When charged with a crime, why do some athletes continue to play on Sundays while others face clear consequences?

Since January 2, twenty-one different NFL players have been arrested or charged with crimes.

Four of them were released immediately and the rest received little more than a slap on the wrist.

According to the NFL, players will face consequences if either the legal system or league investigators find they violated the Player Code of Conduct. 

“An individual is subject to discipline under the policy if the person is determined to be guilty of a criminal charge or if the NFL investigation demonstrates the person engaged in conduct prohibited by the policy,” the Code of Conduct reads. 

Additionally, players will get at least a six-game suspension without pay for violations involving assault, battery, domestic violence or sexual assault.

On July 15, Houston Texans running back Darius “Jet” Anderson, was arrested and charged with burglary with intent to commit assault and theft. The court dropped the burglary accusations and only charged Anderson with a $50,000 bail.

Another part of the NFL Disciplinary decision is if an individual uses present aggravating factors, such as the use of a weapon or a crime against a child. A second offense will result in banishment from the NFL.

After a road rage incident, during which he pointed a weapon at a car full of women, New Orleans Saints safety Marcus Maye faced few consequences. On September 1, he was charged with one count of aggravated assault. He was released the next day after paying a $30,000 bail. In addition, he was charged with a DUI and two other misdemeanors, resulting in a license suspension. Six weeks later, he was stopped by Orlando police for speeding. He was posted a bond of $1,500.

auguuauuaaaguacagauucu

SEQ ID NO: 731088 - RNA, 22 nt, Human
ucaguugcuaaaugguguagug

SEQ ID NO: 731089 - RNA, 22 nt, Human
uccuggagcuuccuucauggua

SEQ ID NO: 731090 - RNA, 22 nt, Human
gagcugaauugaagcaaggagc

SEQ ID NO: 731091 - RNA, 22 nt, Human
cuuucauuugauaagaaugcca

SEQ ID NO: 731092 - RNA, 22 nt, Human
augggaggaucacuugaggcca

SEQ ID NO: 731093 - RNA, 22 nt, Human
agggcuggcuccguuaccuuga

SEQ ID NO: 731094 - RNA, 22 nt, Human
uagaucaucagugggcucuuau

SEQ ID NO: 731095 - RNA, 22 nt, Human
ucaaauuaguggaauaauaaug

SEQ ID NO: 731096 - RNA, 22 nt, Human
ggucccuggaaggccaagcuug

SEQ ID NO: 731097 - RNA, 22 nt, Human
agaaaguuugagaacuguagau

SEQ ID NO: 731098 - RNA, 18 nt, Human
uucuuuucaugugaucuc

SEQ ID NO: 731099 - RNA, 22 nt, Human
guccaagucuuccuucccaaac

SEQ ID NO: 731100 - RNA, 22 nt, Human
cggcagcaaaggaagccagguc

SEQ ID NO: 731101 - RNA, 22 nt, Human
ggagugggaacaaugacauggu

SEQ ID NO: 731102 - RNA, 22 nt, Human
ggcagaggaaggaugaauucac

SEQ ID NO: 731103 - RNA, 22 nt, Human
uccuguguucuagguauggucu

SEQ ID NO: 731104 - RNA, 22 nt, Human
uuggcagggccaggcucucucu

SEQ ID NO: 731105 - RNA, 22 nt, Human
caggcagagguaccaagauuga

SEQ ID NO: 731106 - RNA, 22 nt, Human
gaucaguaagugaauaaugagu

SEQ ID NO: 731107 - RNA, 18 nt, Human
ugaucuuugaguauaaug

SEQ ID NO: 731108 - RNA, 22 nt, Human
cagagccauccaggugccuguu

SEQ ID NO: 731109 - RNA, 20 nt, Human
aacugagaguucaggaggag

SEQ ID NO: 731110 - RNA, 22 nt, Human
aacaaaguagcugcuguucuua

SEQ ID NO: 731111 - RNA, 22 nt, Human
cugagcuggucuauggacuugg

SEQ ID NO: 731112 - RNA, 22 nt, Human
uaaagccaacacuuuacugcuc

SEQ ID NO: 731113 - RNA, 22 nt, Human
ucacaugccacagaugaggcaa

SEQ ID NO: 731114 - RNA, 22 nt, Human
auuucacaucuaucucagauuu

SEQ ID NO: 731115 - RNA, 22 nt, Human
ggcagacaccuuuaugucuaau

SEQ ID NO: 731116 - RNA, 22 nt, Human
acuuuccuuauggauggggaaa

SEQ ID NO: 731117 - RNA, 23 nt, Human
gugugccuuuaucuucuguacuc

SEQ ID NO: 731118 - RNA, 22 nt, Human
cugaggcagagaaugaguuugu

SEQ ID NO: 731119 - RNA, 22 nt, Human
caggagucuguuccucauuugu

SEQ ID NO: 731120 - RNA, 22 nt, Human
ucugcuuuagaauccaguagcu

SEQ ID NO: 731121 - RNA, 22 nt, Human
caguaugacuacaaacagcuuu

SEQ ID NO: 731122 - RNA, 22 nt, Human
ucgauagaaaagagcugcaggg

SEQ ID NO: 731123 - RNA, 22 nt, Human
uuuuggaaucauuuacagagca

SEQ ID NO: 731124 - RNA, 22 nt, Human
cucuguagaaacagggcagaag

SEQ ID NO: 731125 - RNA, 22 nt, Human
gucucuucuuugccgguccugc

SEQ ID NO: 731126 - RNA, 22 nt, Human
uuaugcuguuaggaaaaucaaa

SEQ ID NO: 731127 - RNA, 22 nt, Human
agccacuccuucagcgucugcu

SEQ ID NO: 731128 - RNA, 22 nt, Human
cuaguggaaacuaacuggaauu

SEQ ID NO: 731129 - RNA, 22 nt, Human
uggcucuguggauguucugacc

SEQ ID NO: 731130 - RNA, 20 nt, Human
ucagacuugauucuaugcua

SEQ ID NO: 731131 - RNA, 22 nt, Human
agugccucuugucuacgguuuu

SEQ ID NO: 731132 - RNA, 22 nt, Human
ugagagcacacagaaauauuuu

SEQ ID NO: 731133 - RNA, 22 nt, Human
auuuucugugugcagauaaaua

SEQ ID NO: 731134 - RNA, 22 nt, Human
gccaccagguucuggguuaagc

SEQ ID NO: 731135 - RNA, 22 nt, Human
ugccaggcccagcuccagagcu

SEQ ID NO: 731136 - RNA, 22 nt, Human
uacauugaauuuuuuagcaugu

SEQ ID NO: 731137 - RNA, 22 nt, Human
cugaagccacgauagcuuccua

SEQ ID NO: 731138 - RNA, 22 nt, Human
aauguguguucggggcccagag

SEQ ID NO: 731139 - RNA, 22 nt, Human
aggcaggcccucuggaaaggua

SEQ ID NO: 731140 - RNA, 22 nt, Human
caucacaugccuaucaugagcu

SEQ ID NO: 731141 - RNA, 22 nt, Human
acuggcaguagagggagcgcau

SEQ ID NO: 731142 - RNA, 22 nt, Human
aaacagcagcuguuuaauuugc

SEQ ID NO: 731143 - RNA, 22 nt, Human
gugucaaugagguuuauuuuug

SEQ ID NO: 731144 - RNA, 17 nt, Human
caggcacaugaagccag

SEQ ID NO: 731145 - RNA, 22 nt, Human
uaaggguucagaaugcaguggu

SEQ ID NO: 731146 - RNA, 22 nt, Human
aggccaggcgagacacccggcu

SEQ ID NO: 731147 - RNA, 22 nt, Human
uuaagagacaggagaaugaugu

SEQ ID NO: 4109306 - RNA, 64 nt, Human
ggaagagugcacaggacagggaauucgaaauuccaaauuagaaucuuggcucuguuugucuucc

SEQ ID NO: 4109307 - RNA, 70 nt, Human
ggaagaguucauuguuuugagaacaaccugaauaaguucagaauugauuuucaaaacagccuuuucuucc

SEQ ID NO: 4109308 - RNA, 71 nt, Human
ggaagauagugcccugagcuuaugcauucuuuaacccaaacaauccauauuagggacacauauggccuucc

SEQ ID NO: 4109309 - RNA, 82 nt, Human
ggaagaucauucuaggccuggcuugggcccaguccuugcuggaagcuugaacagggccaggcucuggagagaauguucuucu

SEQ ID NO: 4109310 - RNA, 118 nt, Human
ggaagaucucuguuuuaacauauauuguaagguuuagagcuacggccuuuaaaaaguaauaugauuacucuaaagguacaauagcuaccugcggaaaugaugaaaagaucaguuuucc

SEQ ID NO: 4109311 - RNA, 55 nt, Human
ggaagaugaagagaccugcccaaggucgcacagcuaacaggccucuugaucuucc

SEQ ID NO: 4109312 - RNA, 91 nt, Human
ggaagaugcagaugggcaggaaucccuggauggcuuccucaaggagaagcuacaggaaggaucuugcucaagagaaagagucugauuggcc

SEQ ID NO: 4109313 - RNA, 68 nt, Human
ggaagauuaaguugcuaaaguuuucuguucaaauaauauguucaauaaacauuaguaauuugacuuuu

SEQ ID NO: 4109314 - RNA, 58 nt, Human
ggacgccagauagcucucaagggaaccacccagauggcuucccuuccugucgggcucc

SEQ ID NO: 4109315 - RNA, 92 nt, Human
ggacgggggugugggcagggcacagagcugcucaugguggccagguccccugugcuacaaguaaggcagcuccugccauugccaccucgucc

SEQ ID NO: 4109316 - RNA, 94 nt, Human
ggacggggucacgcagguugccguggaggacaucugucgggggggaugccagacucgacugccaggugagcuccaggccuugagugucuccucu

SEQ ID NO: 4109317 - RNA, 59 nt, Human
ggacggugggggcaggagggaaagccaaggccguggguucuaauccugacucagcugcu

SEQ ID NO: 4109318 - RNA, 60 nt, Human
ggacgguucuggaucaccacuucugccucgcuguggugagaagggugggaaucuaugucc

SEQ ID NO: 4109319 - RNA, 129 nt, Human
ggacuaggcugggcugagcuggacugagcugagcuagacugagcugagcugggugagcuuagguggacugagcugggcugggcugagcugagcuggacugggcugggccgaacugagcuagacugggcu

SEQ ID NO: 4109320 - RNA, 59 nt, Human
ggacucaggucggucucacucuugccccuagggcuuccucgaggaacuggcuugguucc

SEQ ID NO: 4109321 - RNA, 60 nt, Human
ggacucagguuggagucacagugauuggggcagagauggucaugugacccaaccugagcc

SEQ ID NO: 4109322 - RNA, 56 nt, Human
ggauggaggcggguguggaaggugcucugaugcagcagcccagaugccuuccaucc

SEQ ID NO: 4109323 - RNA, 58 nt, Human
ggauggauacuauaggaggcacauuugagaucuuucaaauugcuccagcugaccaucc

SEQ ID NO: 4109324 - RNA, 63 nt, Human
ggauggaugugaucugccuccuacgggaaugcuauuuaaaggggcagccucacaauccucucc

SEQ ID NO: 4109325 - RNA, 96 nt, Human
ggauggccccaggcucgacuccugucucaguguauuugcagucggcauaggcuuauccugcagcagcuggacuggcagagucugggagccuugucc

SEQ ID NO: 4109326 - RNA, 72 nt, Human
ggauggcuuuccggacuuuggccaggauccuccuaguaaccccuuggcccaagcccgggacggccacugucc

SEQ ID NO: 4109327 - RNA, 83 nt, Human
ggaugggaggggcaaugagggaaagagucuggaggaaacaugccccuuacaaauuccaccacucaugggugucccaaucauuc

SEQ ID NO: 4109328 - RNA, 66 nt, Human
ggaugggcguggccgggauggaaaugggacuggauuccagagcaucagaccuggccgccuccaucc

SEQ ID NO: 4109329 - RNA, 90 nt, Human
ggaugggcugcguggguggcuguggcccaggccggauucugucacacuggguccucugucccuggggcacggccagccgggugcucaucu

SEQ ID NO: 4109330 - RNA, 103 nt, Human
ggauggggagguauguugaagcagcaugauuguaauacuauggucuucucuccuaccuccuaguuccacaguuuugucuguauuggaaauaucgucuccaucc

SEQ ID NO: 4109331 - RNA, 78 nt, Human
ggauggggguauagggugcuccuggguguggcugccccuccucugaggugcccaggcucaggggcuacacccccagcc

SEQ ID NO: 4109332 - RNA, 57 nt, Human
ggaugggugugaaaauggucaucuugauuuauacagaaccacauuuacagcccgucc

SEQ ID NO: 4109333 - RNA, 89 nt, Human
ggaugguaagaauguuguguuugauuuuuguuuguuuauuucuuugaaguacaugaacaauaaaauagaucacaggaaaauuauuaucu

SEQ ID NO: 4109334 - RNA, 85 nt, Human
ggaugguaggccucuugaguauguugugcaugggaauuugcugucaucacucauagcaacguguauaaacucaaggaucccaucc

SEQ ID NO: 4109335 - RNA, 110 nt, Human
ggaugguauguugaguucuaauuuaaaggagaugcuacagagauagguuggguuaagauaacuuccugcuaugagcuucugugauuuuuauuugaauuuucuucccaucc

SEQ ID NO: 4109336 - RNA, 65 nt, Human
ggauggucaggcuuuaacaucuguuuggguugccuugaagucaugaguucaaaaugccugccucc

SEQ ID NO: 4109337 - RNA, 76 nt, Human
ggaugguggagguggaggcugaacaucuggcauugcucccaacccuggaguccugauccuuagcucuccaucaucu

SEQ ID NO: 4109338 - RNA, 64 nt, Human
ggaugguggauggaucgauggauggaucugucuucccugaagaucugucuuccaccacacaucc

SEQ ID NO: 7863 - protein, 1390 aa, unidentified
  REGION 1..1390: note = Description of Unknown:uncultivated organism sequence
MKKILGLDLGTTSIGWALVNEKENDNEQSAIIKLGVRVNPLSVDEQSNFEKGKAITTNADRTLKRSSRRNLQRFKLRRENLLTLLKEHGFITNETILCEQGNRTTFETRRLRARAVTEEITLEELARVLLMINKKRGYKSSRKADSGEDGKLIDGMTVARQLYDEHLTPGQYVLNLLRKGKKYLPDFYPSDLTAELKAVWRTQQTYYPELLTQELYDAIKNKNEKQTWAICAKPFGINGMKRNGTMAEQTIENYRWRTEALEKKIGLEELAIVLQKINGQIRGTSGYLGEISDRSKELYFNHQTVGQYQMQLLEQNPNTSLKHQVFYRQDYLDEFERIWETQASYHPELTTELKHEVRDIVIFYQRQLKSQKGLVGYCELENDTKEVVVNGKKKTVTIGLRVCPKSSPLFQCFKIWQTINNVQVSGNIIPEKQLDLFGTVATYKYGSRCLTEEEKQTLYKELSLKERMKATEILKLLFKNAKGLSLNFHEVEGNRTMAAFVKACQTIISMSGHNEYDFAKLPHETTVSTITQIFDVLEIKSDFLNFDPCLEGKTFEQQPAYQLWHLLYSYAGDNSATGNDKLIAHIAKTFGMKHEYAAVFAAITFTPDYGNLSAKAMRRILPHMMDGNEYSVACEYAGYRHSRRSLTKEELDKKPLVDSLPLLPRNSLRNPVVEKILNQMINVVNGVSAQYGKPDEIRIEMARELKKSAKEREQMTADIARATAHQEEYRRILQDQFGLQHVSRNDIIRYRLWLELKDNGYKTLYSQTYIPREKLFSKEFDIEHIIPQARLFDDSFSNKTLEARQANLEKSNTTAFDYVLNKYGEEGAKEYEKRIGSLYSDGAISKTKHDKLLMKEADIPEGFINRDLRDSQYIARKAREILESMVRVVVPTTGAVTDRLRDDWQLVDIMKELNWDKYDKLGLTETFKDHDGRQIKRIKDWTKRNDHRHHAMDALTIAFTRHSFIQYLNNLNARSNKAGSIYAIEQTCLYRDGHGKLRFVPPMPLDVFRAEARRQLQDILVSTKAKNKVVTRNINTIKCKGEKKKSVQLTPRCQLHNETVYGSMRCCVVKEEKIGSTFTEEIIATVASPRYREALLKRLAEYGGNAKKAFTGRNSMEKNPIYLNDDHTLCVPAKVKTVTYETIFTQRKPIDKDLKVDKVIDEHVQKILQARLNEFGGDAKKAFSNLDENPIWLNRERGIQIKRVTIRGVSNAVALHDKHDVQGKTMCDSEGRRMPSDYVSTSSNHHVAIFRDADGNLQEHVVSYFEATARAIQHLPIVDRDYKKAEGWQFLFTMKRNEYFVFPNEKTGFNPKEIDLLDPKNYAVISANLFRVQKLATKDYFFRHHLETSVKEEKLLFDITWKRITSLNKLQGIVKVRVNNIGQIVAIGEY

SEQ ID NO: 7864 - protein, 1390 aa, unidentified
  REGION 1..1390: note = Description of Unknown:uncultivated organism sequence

So why wasn’t Maye banned from the NFL? And why didn’t Anderson get suspended for six games? They both broke the NFL’s conduct, but both kept their jobs while numerous others lost their jobs with lesser charges. 

For example, undrafted wide receiver Travis Jonsen was released a day after he was pulled over in Tampa, Florida. He was suspected of drunk driving and refused a blood-alcohol test. Under Florida law, refusing to submit to an alcohol test results in an immediate license suspension.

Why do some keep their roster spots but others get cut from their teams? 

Is it because of the player’s name and how they produce on the field, or is it just the organizations they play for? 

The Texans have had numerous problems off the field. Current Cardinals and former Texans 

organizations still have too much leeway in determining who can maintain their position. Even if a player has a significant influence on a team, should be held responsible. They are humans and players of the game just like many of the other players. 

The player’s name and how they produce on the field shouldn’t matter. And every organization should uphold the same high standards for player conduct. Currently, the Tampa Bay Buccaneers and head coach Bruce Arians don’t tolerate a lot of actions that might be tolerated in the Houston Texans’ organization, where former wide receiver DeAndre Hopkins was charged with performance-enhancing drug use, former quarterback Deshaun Watson faces sexual assault allegations from dozens of women (but has not been charged with a crime) and their current running back, Anderson, who has never had a carry, catch, yard, or a touchdown in his NFL career, broke the law, too, but remains in the league.

All teams and players must follow the same league rules. 

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